The North Market has recently begun hosting private events, says Sheila Rossiter, director of marketing and development. The venue can hold up to 2,000. Prices start at $27 per person with a minimum of 500 people. Rossiter works with different vendors to create various menu options. Event planners love the space because it's so iconic, she says. "We highlight everything Columbus," she says.

Companies that think their employees would enjoy the chance to prepare their own dishes can do so at The Kitchen, a German Village venue where attendees work together to cook a meal. Corporate clients often book The Kitchen to launch a business event or as the wrap-up party, says Anne Boninsegna, co-owner of the restaurant. Group pricing starts at $1,250.

Exclusive Offers

Some nonprofits enjoy access to local corporate headquarters or other private spaces because of a special connection to the company. It's another way companies support area charities, says Kermit Whitfield, spokesman for the United Way of Central Ohio.

"Here in central Ohio, we're very fortunate to have a number of corporate partners who have great spaces that they allow their nonprofit partners to use," he says. "It's part of their giving back to the community."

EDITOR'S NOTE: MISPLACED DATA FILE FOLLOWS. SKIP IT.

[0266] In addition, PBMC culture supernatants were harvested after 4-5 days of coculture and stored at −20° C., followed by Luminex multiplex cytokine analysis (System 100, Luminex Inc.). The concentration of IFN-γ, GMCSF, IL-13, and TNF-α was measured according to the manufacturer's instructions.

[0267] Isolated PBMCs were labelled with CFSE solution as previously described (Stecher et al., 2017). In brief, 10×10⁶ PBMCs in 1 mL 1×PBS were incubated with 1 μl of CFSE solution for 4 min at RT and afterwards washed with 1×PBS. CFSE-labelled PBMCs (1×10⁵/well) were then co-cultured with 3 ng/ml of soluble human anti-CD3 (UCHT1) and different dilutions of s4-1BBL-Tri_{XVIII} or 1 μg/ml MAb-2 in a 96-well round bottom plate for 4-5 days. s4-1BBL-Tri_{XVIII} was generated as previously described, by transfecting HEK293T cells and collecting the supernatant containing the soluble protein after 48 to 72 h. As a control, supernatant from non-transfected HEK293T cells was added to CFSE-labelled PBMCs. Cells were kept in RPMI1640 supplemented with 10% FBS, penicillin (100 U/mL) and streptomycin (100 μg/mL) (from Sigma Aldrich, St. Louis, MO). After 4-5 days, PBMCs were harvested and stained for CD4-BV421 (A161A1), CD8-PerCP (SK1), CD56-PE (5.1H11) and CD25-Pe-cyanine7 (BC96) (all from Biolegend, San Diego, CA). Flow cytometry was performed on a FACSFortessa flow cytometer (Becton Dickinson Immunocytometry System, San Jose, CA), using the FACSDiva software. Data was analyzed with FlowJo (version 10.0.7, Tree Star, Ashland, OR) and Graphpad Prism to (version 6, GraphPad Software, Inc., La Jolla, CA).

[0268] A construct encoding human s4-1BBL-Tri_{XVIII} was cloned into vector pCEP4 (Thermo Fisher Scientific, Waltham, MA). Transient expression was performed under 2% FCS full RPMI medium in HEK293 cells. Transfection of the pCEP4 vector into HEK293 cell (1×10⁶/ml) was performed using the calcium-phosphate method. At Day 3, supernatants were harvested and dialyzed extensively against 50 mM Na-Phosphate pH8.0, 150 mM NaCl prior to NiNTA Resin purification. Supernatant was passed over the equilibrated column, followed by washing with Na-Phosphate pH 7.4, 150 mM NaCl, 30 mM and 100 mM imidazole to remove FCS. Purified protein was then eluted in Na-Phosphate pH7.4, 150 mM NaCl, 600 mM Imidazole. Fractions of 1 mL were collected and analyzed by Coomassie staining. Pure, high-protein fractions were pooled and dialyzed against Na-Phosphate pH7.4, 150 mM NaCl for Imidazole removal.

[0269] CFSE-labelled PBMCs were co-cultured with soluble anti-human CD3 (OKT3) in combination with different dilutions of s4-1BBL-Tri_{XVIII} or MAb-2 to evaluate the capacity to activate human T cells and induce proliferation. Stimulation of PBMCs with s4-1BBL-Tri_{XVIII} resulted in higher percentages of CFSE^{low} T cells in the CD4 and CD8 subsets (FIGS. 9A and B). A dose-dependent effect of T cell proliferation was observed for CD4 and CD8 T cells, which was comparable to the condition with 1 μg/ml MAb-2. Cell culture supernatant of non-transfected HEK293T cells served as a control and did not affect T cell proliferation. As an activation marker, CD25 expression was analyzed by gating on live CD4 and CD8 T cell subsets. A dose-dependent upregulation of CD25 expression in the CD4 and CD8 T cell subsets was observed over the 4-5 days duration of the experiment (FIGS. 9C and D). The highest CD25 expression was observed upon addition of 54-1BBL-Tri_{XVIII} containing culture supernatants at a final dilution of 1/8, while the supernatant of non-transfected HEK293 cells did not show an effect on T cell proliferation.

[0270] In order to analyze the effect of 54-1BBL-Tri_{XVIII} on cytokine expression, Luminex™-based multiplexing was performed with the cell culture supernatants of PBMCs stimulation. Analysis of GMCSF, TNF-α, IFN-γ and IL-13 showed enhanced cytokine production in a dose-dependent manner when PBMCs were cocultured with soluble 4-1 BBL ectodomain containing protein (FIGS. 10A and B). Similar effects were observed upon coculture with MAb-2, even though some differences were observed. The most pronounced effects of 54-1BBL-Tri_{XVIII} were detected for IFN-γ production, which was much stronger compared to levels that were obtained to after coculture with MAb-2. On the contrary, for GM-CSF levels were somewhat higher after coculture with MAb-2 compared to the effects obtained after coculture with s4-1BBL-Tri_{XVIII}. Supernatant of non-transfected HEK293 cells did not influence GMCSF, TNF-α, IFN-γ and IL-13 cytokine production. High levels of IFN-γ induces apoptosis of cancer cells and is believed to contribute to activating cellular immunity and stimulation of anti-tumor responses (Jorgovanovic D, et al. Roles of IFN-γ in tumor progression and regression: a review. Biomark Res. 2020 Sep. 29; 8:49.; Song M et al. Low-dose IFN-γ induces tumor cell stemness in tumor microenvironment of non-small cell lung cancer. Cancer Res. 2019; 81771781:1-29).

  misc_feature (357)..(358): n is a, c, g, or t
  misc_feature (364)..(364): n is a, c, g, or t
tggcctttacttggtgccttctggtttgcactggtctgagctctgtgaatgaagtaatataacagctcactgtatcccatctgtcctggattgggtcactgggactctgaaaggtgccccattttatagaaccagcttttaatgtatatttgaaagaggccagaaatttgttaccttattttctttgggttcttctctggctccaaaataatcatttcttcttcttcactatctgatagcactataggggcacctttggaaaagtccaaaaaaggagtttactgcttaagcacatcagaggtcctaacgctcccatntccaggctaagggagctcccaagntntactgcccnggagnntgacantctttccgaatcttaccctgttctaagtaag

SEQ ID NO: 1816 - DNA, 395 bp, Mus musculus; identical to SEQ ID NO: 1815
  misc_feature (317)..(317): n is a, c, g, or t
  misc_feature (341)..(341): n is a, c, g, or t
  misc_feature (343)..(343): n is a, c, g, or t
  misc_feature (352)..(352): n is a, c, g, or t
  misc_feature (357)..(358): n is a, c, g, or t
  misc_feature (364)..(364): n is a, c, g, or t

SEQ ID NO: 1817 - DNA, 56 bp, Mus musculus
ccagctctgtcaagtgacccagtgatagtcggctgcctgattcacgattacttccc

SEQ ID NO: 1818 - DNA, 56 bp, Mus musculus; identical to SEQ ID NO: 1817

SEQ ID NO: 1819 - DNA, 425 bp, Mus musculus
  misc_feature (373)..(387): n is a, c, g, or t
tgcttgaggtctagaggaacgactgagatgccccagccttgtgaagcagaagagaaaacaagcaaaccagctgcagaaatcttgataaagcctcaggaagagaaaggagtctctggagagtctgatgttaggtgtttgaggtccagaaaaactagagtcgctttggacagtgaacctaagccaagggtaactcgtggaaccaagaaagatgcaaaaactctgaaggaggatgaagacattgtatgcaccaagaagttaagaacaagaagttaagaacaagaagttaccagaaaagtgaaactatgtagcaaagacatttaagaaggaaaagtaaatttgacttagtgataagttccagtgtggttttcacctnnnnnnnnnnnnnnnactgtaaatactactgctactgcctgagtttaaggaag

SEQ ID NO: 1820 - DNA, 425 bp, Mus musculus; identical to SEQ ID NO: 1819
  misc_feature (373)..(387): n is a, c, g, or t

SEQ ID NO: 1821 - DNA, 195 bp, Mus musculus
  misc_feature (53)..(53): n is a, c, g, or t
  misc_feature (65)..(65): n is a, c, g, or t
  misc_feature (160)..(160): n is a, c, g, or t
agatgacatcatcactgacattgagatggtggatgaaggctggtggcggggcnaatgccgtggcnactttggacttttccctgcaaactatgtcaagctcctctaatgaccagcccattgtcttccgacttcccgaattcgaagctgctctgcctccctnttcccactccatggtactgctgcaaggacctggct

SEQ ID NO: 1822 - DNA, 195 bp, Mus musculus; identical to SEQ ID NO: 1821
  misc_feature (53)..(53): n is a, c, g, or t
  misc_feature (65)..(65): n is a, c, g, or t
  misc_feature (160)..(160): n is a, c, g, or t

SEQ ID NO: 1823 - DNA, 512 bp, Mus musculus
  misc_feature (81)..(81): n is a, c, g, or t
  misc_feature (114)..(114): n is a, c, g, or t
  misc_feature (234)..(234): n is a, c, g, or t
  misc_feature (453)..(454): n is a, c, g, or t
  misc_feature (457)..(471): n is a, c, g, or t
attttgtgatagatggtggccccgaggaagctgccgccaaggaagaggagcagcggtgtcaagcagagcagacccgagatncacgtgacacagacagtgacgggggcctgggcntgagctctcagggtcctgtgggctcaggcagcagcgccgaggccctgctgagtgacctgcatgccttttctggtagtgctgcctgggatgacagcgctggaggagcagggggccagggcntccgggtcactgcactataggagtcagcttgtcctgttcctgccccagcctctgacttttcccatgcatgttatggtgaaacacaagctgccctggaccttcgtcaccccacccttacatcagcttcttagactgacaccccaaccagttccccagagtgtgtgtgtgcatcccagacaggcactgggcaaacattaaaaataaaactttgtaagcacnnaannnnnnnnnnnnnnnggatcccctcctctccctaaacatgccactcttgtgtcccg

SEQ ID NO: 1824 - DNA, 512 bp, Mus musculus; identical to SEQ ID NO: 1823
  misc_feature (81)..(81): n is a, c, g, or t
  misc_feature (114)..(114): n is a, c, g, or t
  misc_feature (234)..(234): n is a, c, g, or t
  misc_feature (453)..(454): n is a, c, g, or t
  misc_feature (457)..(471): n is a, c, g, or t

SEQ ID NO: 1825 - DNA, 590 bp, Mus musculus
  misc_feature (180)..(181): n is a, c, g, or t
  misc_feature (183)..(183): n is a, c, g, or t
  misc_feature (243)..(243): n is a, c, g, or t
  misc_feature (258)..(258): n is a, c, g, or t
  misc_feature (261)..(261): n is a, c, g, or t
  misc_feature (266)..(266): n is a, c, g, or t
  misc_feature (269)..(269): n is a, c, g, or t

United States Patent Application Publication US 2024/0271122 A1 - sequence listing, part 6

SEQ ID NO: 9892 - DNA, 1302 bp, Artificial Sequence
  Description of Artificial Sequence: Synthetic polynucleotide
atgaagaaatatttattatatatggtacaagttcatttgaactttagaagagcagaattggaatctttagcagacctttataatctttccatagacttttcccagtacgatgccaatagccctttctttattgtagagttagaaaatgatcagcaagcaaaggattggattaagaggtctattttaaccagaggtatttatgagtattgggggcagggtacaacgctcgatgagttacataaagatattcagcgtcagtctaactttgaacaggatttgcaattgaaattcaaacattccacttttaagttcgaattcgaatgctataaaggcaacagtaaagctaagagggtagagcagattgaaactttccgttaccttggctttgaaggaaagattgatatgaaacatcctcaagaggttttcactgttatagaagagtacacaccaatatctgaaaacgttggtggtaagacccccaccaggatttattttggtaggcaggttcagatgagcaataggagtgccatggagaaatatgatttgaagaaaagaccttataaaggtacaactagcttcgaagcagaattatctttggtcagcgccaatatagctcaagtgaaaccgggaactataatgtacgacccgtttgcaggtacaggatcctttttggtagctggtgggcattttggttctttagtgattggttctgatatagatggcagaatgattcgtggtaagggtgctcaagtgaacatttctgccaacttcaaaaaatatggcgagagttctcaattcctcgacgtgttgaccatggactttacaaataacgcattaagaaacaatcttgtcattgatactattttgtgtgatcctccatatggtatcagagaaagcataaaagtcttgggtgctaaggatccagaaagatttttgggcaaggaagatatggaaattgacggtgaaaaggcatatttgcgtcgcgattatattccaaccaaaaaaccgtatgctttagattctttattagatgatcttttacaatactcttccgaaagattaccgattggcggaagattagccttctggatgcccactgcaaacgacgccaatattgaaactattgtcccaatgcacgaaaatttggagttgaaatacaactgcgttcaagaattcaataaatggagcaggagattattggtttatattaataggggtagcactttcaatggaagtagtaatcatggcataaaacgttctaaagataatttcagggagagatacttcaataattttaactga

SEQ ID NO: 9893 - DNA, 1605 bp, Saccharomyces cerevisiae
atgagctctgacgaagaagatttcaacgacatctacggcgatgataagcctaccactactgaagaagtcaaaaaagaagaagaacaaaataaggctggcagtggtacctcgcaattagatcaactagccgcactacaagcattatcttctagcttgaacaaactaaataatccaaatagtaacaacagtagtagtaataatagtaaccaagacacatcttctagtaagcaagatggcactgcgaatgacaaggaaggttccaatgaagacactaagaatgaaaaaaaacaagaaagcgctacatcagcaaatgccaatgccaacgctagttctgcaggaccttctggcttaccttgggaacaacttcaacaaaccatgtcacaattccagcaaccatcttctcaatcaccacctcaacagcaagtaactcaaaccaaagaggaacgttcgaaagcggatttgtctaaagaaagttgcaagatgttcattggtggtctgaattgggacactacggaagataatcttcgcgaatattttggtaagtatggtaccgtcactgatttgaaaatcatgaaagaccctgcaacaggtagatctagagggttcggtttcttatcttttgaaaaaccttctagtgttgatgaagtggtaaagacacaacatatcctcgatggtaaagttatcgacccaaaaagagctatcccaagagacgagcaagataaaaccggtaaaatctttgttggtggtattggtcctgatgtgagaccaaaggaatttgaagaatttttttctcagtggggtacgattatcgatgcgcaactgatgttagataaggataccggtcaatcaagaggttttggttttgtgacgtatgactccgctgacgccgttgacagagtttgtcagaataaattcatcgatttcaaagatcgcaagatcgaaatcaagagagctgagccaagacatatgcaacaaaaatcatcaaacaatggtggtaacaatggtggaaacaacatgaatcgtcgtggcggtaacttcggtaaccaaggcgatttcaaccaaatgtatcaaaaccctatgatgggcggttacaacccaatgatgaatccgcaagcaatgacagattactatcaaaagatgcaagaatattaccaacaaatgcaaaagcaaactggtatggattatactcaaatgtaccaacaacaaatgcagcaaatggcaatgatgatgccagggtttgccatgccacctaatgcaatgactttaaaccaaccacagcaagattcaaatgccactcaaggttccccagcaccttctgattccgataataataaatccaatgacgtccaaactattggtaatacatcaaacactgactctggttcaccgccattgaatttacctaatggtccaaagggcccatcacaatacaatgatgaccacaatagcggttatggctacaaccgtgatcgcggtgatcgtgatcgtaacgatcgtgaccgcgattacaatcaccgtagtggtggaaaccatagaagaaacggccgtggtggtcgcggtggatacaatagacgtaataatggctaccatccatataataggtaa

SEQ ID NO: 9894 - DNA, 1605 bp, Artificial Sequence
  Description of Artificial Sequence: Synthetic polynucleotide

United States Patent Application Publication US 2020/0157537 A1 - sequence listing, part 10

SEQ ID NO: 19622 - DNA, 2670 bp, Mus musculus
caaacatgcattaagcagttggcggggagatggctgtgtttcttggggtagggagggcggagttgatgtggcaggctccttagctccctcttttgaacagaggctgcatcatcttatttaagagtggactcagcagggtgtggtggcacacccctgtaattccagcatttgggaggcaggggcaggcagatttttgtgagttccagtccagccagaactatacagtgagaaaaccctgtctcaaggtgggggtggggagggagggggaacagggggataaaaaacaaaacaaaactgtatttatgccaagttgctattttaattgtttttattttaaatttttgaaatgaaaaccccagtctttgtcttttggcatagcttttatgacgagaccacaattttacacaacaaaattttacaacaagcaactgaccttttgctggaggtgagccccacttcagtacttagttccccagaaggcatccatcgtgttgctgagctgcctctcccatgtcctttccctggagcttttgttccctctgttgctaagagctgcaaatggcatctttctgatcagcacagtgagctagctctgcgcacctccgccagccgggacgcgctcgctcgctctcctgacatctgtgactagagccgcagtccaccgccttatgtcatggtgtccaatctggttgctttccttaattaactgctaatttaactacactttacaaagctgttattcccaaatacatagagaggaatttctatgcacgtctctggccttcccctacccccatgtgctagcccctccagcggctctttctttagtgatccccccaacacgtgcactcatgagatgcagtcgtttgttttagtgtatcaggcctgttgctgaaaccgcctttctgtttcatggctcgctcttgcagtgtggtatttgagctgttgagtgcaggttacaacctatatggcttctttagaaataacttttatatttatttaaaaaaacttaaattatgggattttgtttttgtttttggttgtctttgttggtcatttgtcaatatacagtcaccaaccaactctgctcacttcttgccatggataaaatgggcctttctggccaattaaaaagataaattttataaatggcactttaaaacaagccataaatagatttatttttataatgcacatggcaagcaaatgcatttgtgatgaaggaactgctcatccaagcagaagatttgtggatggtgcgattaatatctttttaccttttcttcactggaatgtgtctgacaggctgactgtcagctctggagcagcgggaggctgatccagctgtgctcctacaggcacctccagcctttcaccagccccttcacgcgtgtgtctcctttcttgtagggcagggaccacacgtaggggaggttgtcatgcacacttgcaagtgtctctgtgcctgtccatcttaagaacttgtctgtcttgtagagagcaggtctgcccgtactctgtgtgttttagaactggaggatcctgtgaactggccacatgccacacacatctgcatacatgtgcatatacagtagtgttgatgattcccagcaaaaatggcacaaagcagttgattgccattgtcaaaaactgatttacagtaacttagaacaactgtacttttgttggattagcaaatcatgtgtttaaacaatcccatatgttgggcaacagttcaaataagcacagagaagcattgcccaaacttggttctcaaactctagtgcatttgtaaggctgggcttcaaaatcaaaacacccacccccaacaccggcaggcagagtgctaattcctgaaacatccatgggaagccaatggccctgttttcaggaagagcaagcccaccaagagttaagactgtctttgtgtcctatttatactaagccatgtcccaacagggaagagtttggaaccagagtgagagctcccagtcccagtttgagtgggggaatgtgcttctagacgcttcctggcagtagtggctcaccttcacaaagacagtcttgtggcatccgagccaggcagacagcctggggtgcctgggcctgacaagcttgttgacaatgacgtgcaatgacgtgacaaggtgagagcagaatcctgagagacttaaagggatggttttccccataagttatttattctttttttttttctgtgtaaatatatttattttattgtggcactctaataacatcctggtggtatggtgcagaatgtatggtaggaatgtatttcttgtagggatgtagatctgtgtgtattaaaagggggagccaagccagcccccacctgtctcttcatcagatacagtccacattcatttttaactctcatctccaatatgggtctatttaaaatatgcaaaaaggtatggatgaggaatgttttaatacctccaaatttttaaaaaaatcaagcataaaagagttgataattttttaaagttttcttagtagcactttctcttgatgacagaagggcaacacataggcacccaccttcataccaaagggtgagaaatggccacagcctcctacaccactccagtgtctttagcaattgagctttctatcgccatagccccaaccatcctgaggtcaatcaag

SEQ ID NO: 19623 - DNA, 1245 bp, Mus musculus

Grange Insurance provides space to nonprofits when there's a close connection-such as an employee serving on the organization's board of directors-to the organization, says Patti Eshman, assistant vice president of community relations.

JPMorgan Chase & Co., has a similar policy, says Jeffrey Lyttle, senior vice president of public relations and communications.

Allowing nonprofits access to meeting and event space is a great in-kind service, Whitfield says. The United Way, which allows its partners to utilize space in its building, has had opportunities to host retreats at the headquarters of Jeni's Splendid Ice Creams in the Arena District. "It's hugely helpful," he says. "It definitely bolsters creativity and gets the ideas flowing."

Melissa Kossler Dutton is a freelance writer.